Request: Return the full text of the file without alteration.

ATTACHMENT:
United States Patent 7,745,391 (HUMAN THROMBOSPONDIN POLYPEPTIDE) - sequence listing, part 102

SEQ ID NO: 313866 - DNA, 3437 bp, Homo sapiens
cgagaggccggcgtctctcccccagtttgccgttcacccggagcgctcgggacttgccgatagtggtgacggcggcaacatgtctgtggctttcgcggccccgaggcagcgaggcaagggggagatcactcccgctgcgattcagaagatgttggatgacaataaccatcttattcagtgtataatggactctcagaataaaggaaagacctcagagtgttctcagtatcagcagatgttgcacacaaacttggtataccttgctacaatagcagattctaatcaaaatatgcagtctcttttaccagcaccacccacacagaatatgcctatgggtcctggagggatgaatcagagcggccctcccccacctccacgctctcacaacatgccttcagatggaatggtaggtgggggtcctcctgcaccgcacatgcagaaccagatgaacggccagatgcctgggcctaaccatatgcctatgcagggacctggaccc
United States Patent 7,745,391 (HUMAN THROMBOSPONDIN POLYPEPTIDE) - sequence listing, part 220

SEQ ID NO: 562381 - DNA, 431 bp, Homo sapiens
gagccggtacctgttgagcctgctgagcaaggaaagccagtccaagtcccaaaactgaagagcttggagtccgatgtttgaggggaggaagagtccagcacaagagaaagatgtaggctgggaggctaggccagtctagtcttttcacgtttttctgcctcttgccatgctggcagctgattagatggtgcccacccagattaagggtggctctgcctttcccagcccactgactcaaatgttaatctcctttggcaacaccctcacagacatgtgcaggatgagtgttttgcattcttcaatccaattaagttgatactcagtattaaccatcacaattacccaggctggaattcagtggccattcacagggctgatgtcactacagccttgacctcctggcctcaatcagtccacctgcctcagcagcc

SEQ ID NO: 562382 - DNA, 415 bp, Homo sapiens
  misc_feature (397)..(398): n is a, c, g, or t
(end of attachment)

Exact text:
United States Patent 7,745,391 (HUMAN THROMBOSPONDIN POLYPEPTIDE) - sequence listing, part 102

SEQ ID NO: 313866 - DNA, 3437 bp, Homo sapiens
cgagaggccggcgtctctcccccagtttgccgttcacccggagcgctcgggacttgccgatagtggtgacggcggcaacatgtctgtggctttcgcggccccgaggcagcgaggcaagggggagatcactcccgctgcgattcagaagatgttggatgacaataaccatcttattcagtgtataatggactctcagaataaaggaaagacctcagagtgttctcagtatcagcagatgttgcacacaaacttggtataccttgctacaatagcagattctaatcaaaatatgcagtctcttttaccagcaccacccacacagaatatgcctatgggtcctggagggatgaatcagagcggccctcccccacctccacgctctcacaacatgccttcagatggaatggtaggtgggggtcctcctgcaccgcacatgcagaaccagatgaacggccagatgcctgggcctaaccatatgcctatgcagggacctggaccc
United States Patent 7,745,391 (HUMAN THROMBOSPONDIN POLYPEPTIDE) - sequence listing, part 220

SEQ ID NO: 562381 - DNA, 431 bp, Homo sapiens
gagccggtacctgttgagcctgctgagcaaggaaagccagtccaagtcccaaaactgaagagcttggagtccgatgtttgaggggaggaagagtccagcacaagagaaagatgtaggctgggaggctaggccagtctagtcttttcacgtttttctgcctcttgccatgctggcagctgattagatggtgcccacccagattaagggtggctctgcctttcccagcccactgactcaaatgttaatctcctttggcaacaccctcacagacatgtgcaggatgagtgttttgcattcttcaatccaattaagttgatactcagtattaaccatcacaattacccaggctggaattcagtggccattcacagggctgatgtcactacagccttgacctcctggcctcaatcagtccacctgcctcagcagcc

SEQ ID NO: 562382 - DNA, 415 bp, Homo sapiens
  misc_feature (397)..(398): n is a, c, g, or t